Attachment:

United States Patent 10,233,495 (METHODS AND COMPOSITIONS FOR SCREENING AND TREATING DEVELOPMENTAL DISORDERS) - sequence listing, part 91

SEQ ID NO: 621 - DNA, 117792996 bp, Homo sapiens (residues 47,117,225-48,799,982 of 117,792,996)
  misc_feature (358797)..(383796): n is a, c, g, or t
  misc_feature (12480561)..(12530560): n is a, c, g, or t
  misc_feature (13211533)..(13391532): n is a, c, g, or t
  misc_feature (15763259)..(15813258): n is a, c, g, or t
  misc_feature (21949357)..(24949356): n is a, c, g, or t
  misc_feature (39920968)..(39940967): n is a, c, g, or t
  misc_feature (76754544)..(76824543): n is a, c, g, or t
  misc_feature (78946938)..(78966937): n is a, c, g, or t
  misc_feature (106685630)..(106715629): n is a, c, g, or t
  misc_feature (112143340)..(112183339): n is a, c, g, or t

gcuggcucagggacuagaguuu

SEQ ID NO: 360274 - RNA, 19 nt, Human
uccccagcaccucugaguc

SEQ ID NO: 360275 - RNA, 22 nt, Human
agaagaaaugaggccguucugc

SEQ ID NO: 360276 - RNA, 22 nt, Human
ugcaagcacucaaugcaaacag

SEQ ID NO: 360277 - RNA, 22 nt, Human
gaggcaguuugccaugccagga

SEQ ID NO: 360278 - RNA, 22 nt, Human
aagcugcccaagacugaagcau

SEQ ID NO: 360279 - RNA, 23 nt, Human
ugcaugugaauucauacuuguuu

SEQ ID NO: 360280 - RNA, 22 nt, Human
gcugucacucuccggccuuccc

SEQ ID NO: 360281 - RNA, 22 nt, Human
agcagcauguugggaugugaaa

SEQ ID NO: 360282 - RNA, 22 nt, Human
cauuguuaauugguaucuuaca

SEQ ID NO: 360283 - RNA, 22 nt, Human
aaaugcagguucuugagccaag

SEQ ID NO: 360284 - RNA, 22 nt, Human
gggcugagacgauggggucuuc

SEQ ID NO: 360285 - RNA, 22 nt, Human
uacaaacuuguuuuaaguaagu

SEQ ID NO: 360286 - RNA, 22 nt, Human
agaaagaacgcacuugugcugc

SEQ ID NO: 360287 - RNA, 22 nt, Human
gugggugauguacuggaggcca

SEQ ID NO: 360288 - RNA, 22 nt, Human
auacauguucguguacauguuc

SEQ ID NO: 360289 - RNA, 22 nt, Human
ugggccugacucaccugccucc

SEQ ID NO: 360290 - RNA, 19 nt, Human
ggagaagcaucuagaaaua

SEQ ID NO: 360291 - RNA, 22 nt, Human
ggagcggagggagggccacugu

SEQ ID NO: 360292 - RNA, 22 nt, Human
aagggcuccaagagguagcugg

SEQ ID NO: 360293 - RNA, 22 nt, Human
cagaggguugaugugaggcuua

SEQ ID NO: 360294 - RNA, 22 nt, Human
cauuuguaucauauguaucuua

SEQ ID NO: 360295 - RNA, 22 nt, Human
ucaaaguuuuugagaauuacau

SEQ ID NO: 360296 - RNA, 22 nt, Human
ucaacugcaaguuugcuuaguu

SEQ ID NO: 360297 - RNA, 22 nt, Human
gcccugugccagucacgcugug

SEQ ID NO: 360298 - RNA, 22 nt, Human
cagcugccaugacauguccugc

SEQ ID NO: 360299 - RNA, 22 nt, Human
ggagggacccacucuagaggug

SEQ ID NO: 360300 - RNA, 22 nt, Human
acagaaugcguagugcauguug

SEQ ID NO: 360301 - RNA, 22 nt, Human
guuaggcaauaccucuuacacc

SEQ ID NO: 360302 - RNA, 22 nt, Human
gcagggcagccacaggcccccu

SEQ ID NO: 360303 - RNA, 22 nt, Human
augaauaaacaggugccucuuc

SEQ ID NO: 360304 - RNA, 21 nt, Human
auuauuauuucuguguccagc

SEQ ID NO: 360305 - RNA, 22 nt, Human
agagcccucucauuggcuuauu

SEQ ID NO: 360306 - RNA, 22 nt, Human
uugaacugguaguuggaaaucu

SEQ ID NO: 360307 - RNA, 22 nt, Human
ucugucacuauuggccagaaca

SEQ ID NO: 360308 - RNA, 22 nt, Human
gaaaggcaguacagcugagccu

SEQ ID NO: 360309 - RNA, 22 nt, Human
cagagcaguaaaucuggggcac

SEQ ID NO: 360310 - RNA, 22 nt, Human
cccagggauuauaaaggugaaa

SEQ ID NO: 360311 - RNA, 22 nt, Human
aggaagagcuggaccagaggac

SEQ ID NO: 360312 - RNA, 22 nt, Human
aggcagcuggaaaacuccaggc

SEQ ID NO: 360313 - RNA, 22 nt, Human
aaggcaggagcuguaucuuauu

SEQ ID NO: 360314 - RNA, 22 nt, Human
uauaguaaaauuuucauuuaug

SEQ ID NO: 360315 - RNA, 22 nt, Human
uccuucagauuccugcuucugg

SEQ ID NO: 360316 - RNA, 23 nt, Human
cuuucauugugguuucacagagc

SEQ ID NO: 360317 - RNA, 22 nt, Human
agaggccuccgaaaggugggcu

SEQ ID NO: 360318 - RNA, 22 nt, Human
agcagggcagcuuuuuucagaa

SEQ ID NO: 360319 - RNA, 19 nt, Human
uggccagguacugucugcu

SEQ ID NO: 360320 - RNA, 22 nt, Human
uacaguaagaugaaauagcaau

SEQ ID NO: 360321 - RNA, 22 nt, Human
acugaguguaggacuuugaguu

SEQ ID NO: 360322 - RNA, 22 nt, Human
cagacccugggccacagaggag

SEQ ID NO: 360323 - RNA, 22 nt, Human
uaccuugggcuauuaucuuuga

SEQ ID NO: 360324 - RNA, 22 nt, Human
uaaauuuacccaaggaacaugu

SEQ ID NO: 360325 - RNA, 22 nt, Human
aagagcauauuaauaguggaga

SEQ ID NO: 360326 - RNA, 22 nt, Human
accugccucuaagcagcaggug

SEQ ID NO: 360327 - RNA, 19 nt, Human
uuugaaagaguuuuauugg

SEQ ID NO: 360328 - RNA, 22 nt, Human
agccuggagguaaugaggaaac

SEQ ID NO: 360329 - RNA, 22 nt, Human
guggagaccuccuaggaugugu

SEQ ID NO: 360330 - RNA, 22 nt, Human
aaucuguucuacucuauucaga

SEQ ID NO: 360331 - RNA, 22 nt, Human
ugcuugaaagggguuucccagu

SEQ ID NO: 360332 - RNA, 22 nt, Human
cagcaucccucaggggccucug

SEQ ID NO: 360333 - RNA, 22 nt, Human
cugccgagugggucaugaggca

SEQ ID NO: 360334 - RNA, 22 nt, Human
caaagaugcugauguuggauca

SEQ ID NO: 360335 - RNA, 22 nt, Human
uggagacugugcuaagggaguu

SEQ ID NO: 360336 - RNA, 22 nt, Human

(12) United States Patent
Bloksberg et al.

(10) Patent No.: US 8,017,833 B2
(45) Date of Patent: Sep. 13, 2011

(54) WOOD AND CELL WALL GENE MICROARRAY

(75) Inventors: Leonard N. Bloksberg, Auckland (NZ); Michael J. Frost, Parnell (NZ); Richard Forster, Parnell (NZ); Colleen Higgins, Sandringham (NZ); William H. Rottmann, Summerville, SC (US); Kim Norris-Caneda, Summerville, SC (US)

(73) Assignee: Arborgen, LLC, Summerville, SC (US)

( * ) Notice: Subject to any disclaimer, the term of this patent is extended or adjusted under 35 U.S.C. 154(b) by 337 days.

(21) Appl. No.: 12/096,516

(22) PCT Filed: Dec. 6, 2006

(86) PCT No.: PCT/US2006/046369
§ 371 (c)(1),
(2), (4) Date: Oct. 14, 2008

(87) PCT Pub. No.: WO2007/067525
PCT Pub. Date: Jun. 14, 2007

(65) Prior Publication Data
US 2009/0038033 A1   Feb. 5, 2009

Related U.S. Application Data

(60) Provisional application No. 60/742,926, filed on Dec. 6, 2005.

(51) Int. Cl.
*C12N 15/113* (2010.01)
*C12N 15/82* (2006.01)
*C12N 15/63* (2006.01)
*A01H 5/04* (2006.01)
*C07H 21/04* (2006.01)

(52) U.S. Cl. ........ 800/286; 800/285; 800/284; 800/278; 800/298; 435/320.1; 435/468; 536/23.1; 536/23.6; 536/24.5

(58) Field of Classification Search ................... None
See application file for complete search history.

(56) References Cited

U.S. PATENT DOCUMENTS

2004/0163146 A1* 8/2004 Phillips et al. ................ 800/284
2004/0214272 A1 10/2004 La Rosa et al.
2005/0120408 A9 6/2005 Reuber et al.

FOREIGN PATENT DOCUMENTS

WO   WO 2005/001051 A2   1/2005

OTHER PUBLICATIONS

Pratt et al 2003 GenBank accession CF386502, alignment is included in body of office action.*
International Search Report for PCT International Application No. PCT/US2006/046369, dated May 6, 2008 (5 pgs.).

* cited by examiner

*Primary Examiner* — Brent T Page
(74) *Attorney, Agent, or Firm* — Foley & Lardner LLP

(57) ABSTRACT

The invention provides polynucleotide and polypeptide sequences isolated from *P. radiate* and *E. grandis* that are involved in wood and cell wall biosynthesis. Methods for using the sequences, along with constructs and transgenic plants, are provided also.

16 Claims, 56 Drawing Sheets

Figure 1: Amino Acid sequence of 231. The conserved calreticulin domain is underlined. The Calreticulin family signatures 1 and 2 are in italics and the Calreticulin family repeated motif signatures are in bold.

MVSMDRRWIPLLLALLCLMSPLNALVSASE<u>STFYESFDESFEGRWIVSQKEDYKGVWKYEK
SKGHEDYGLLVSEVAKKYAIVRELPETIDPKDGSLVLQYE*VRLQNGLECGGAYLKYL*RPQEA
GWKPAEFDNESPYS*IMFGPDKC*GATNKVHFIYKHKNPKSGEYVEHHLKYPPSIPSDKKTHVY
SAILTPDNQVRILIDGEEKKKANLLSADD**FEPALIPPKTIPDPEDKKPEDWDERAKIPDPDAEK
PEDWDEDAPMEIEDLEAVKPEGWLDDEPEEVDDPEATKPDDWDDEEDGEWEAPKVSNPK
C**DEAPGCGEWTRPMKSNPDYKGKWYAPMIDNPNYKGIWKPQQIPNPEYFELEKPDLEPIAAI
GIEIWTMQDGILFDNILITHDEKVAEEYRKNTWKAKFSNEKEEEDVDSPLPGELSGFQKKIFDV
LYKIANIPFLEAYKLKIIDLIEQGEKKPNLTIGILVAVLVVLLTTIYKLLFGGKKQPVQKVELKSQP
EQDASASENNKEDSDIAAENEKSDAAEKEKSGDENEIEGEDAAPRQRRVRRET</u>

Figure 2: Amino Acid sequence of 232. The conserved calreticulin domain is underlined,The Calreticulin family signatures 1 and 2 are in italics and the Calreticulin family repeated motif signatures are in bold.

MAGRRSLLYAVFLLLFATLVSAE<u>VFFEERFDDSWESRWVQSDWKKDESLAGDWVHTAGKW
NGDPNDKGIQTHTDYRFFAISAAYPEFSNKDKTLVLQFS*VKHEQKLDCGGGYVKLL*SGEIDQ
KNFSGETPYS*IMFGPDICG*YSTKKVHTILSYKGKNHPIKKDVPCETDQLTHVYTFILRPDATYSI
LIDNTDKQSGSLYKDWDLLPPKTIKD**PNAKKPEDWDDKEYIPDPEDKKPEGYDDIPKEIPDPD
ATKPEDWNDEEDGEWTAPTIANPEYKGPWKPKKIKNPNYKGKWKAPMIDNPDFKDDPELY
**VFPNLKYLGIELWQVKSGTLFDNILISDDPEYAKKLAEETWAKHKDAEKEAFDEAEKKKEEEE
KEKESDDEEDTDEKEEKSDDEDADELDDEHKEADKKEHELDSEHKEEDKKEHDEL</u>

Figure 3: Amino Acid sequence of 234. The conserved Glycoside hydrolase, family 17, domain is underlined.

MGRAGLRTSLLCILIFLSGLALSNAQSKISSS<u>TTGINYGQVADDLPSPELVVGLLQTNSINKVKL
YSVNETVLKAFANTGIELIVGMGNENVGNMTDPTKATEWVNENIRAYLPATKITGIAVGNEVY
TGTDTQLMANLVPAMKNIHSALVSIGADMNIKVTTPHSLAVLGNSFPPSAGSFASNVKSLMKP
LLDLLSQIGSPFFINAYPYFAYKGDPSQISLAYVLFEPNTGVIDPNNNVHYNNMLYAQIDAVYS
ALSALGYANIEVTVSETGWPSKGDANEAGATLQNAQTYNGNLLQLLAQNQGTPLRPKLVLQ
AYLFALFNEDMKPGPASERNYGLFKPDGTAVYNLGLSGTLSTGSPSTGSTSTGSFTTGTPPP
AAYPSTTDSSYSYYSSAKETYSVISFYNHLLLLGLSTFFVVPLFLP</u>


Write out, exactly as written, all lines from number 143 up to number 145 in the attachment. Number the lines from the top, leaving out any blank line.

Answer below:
(54) WOOD AND CELL WALL GENE MICROARRAY

(75) Inventors: Leonard N. Bloksberg, Auckland (NZ); Michael J. Frost, Parnell (NZ); Richard Forster, Parnell (NZ); Colleen Higgins, Sandringham (NZ); William H. Rottmann, Summerville, SC (US); Kim Norris-Caneda, Summerville, SC (US)

(73) Assignee: Arborgen, LLC, Summerville, SC (US)